On 12 April, Boeing announced via Twitter that it had received EASA and FAA Standard Type Certification (STC) for its 737-800BCF freighter conversion program.
Following certification, the 737-800BCF (32740) was ferried from Victorville to East Midlands, where it will be formally handed over to launch customer GECAS, and then immediately leased to launch operator, Sweden-based West Atlantic. The aircraft was previously registered to Wells Fargo Bank Northwest NA Trustee” as N346PH, but has already been assigned a new registration (G-NPTA), according to Skyliners aviation. Although the aircraft made a stopover in the United States, touch labor for the conversion was completed at Boeing’s Shanghai MRO facility.
The redelivery represents a number of milestones for narrowbody freighter conversions. This is the first 737-800 conversion program to receive STC certification, as well as the first redelivery of a 737-800F. This is the second 737 NG conversion program to receive STC certification. Last year, Bedek became the first conversion house to certify and redeliver a freighter-converted 737-700. It has since redelivered three 737-700BDSFs to Seattle-based Alaska Airlines.
For West Atlantic, the aircraft is the first of four 737-800BCFs it agreed to lease from GECAS last June. Last month, the carrier announced that all four aircraft will be operated “on behalf of an express logistics provider, in its current EU-network.” The identity of the end-customer has not yet been revealed but will be known as soon as the aircraft enters into commercial service.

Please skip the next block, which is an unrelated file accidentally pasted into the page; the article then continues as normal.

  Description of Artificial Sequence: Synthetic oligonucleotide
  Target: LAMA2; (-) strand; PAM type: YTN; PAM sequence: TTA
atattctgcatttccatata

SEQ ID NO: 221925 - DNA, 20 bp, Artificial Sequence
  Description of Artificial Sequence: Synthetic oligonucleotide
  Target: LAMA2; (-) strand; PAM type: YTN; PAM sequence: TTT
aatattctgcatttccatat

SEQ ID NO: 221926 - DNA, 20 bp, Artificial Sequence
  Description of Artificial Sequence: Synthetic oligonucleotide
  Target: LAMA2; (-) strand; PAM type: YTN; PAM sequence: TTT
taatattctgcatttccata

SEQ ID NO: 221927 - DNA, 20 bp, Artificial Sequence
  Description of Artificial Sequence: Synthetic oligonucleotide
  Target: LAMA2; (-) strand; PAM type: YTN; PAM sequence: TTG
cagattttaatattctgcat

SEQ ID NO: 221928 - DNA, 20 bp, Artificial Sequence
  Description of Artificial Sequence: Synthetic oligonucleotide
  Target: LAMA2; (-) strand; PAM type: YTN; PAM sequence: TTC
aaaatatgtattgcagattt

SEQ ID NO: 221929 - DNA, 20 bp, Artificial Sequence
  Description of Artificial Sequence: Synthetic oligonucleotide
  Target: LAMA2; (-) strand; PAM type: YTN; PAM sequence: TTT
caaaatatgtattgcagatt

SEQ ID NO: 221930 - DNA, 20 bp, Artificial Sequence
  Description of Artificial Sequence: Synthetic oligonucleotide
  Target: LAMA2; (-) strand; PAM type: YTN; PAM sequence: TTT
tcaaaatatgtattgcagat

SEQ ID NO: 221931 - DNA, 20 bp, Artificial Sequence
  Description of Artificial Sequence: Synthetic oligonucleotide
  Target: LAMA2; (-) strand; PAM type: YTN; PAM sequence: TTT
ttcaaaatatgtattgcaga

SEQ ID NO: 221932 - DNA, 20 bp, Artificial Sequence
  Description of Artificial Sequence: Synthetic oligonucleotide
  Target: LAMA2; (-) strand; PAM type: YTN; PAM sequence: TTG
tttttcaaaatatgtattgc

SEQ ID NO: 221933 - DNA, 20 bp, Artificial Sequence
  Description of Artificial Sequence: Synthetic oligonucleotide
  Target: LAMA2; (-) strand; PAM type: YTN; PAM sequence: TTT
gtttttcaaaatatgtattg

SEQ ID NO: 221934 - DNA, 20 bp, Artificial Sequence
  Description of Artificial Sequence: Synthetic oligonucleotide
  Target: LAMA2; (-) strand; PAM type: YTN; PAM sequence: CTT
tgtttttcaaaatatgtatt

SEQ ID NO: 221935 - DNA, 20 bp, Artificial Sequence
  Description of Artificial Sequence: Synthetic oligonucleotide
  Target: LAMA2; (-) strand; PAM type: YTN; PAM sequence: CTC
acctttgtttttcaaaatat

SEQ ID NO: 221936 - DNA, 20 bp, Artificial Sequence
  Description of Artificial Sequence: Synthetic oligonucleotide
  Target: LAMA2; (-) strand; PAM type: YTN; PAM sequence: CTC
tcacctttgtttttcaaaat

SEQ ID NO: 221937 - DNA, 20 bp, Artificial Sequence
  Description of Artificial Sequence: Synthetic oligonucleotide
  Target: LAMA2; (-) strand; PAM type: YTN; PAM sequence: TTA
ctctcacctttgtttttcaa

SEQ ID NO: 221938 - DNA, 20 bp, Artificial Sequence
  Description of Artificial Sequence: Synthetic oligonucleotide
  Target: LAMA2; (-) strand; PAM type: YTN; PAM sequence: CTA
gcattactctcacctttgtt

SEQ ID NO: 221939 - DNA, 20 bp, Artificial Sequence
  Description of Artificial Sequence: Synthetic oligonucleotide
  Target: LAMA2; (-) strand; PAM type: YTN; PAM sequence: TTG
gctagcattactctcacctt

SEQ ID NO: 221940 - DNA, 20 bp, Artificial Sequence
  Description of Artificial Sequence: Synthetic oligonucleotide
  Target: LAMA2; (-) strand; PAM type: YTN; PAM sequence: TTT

Through its two subsidiary carriers (UK-based Atlantic Airlines and Sweden-based West Atlantic), West Atlantic Airlines currently operates three 767-200Fs, six 737-300Fs, eleven 737-400Fs, fourteen ATPFs, and two CRJ200Fs. The carrier is also expected to take delivery of a twelfth AEI-converted 737-400SF on lease from Vx Capital Partners (25429).
Returning to GECAS, the company plans to have fifty-five 737-800s from its portfolio converted to freighter configuration, with outstanding orders and commitments for twenty conversions with AEI, and thirty-four with Boeing.
For now, here’s a video of the first 737-800BCF taking flight:
Those interested in hearing the latest about narrowbody conversions should join us at Cargo Facts Asia 2018 in Shanghai, April 23-25, where the subject will be explored from many viewpoints. For more information, or to register, go to CargoFactsAsia.com.